HSBC cutting ties with small Turkish businesses to focus on bigger players

HSBC cutting ties with small Turkish businesses to focus on bigger players

Jale Özgentürk ISTANBUL / Hürriyet
HSBC cutting ties with small Turkish businesses to focus on bigger players British lender HSBC has begun to close the accounts of small local businesses in Turkey with the aim of focusing on customers with overseas interests.

The bank has started to call small companies to tell them the bank has decided to close the accounts of customers to whom it believes it cannot provide enough service.

“Please switch your automatic payment orders to another bank. Inform your customers and institutions that you have commercial relations with,” a voice tells company representatives on the phone.

The number of companies that have been approached or will be approached by HSBC is not yet known, but the lender is bidding farewell to customers that are believed to not be creating sufficient value.

HSBC authorities reached by daily Hürriyet said the bank had decided to reduce the number of customers to give better service.

“We reviewed our commercial banking portfolio. As a result of this evaluation, we aimed to focus on our customers that we think we can provide the best service to and provide our resources most efficiently,” a representative said.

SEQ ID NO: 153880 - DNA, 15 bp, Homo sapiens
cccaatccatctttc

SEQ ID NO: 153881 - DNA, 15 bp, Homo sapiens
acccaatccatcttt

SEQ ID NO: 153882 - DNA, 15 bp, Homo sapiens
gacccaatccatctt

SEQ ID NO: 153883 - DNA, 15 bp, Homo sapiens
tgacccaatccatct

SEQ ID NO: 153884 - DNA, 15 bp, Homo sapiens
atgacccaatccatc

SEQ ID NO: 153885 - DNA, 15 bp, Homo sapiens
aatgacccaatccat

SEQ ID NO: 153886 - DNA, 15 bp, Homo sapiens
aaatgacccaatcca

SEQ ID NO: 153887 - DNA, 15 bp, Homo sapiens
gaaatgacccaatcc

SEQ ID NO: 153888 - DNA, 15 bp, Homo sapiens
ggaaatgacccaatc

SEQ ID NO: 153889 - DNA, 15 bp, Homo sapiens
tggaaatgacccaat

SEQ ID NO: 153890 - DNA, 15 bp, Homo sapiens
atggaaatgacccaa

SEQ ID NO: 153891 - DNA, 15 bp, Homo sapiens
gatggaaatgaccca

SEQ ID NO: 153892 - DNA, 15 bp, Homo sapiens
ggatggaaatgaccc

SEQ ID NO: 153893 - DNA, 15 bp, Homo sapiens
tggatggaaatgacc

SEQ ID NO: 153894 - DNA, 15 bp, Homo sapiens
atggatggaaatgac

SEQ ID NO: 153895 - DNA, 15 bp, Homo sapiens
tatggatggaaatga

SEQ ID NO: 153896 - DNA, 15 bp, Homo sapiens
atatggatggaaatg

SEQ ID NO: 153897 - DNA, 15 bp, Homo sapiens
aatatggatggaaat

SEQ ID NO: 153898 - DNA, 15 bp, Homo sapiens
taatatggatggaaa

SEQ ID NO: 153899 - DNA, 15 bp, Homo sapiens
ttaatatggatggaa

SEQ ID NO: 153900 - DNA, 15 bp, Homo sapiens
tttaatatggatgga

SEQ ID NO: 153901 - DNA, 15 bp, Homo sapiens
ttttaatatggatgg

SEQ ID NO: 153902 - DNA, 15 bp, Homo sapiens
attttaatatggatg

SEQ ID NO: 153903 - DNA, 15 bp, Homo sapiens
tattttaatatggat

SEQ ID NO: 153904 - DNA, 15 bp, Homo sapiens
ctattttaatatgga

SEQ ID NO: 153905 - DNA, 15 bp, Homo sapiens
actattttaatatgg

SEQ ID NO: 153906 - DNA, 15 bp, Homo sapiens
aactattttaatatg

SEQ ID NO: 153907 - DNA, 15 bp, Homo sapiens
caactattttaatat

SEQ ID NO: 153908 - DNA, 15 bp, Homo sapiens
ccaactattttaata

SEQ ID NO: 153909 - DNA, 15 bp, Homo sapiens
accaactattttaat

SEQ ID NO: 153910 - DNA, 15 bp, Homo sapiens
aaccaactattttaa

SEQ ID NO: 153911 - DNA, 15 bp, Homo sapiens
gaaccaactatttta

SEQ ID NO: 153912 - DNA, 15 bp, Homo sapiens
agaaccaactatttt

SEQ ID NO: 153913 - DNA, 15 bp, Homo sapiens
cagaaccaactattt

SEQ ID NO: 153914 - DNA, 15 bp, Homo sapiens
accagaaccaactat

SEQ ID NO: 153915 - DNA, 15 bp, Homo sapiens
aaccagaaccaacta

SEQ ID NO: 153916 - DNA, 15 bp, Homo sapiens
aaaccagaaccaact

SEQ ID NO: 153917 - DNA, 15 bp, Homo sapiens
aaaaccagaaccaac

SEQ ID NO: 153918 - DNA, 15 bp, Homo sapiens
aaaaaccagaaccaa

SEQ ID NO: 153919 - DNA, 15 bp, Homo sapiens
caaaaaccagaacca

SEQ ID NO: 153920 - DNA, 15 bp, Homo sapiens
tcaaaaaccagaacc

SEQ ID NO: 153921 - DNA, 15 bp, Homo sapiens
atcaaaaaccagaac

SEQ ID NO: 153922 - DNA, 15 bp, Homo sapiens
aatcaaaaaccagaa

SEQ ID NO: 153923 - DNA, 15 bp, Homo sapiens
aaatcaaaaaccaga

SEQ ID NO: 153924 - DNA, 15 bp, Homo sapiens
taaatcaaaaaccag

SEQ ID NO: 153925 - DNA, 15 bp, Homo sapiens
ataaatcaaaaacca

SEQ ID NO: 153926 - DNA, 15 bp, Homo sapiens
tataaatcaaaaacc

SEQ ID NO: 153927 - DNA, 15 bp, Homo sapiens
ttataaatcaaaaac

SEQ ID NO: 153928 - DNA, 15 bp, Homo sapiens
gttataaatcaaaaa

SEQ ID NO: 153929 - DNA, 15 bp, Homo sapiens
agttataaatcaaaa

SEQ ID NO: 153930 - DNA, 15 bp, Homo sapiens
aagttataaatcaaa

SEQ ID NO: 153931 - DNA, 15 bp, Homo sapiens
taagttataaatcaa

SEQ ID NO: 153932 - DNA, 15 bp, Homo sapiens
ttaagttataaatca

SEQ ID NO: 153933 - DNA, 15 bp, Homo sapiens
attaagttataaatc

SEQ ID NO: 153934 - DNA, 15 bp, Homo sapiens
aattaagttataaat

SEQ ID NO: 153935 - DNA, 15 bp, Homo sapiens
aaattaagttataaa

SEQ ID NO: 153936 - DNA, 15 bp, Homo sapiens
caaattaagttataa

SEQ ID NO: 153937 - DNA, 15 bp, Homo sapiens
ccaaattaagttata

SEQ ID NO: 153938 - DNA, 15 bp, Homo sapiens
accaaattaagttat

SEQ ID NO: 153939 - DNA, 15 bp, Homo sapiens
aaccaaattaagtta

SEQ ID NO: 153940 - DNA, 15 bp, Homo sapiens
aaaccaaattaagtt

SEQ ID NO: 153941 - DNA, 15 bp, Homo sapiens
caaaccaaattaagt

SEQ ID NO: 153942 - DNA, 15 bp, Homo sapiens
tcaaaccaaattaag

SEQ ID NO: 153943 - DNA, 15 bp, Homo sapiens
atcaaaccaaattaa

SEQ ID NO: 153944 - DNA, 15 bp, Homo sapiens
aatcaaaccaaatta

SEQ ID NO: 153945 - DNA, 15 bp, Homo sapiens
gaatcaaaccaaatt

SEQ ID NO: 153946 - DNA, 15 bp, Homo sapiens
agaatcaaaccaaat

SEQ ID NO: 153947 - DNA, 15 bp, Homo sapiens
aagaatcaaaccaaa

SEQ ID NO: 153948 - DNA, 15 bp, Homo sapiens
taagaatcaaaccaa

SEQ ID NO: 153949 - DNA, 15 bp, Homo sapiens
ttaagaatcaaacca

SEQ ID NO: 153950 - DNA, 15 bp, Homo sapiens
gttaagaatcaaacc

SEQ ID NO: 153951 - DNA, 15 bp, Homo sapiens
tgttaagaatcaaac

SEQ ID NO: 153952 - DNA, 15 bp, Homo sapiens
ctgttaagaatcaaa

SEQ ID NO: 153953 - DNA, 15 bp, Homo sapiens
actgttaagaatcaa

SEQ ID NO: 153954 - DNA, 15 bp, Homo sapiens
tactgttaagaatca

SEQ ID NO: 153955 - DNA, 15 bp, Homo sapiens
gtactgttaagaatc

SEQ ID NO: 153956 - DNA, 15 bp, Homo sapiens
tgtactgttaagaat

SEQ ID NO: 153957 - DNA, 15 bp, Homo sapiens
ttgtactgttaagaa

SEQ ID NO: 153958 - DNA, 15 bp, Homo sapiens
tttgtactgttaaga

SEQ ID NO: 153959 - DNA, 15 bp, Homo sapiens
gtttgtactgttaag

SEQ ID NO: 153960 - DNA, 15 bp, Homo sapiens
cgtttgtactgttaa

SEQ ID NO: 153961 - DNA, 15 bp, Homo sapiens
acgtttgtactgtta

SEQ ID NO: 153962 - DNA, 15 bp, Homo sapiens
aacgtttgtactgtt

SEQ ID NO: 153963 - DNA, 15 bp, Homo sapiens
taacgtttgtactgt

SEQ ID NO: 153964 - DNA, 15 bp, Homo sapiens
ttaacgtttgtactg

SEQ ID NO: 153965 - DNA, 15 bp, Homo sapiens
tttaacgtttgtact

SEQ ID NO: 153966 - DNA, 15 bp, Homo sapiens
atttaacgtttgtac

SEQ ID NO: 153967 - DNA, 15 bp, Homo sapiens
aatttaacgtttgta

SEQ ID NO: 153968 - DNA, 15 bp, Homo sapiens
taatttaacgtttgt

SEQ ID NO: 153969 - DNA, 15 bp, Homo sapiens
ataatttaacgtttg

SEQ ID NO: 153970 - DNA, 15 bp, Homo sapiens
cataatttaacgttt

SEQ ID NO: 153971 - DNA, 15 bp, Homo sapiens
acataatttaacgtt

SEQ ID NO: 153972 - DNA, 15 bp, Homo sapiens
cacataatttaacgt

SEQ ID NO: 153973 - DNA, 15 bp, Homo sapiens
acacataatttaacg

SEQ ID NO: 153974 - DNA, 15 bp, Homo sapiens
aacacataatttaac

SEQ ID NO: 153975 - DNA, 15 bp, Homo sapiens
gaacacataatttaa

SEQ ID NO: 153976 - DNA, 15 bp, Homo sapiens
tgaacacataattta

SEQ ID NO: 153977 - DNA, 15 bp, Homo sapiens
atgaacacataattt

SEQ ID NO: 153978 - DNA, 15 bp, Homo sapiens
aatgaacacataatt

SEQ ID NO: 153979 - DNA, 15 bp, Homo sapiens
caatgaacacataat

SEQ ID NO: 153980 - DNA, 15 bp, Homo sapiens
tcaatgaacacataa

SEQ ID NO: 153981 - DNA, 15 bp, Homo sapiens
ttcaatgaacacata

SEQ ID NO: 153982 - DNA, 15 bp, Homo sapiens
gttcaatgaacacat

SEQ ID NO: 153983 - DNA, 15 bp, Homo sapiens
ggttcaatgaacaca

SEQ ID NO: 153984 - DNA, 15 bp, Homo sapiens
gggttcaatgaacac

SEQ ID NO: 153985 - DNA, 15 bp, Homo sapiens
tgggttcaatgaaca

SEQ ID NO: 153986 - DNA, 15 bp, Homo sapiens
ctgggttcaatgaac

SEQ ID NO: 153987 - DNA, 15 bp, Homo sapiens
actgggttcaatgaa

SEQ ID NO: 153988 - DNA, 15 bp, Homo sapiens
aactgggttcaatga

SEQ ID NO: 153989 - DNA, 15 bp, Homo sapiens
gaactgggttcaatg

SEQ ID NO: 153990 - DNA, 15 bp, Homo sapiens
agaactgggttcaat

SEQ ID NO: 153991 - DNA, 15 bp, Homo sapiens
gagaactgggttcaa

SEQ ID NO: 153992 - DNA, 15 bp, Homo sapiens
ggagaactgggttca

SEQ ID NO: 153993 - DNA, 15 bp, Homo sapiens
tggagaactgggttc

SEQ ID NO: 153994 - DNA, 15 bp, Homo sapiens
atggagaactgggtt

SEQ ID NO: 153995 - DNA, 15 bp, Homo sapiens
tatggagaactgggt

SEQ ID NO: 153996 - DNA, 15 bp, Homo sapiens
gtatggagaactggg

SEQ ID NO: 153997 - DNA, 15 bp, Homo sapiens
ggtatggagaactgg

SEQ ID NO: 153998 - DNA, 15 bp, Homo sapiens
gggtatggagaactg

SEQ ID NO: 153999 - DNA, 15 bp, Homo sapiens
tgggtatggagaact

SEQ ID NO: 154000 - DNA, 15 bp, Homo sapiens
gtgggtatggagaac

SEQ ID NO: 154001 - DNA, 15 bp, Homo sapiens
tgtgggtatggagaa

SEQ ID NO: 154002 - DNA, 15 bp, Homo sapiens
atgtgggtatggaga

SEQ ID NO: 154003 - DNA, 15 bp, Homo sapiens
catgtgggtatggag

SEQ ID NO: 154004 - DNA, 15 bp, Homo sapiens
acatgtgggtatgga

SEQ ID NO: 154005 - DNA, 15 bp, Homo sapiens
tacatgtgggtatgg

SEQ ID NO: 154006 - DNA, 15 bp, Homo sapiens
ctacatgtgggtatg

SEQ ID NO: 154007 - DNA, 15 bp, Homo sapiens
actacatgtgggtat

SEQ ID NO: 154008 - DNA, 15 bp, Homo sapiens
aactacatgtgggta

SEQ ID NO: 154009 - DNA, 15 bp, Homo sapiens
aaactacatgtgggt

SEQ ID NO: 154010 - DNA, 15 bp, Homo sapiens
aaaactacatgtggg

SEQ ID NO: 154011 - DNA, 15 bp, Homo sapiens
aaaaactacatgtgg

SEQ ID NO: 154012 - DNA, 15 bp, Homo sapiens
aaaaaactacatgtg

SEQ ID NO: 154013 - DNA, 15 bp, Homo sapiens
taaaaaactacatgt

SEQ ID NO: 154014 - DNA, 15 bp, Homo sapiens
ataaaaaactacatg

“Most of these customers are companies that actively carry our business in international markets or that aim to open up overseas in the near future and benefit from the services that we provide pre-eminently,” they added.

HSBC authorities also claimed the policy change would allow the bank to allocate more time and resources to each customer.

The bank entered the Turkish market in 1990 under the name of Midland Bank and changed its name to HSBC in 1999. The lender’s commercial presence in the country was strengthened with acquisition of Turkish bank Demirbank in 2001. In 2002, HSBC acquired Boyner Group’s credit card company Benkar to become one of the biggest players in the credit card market with its “Advantage card” brand.

The company, which has around 3 million customers in Turkey, has been cautious about growing in Turkish market since 2010.

The lender was employing 5,967 workers as of March 2014, down from 6,631 in 2010. HSBC also operates 312 branches around the country.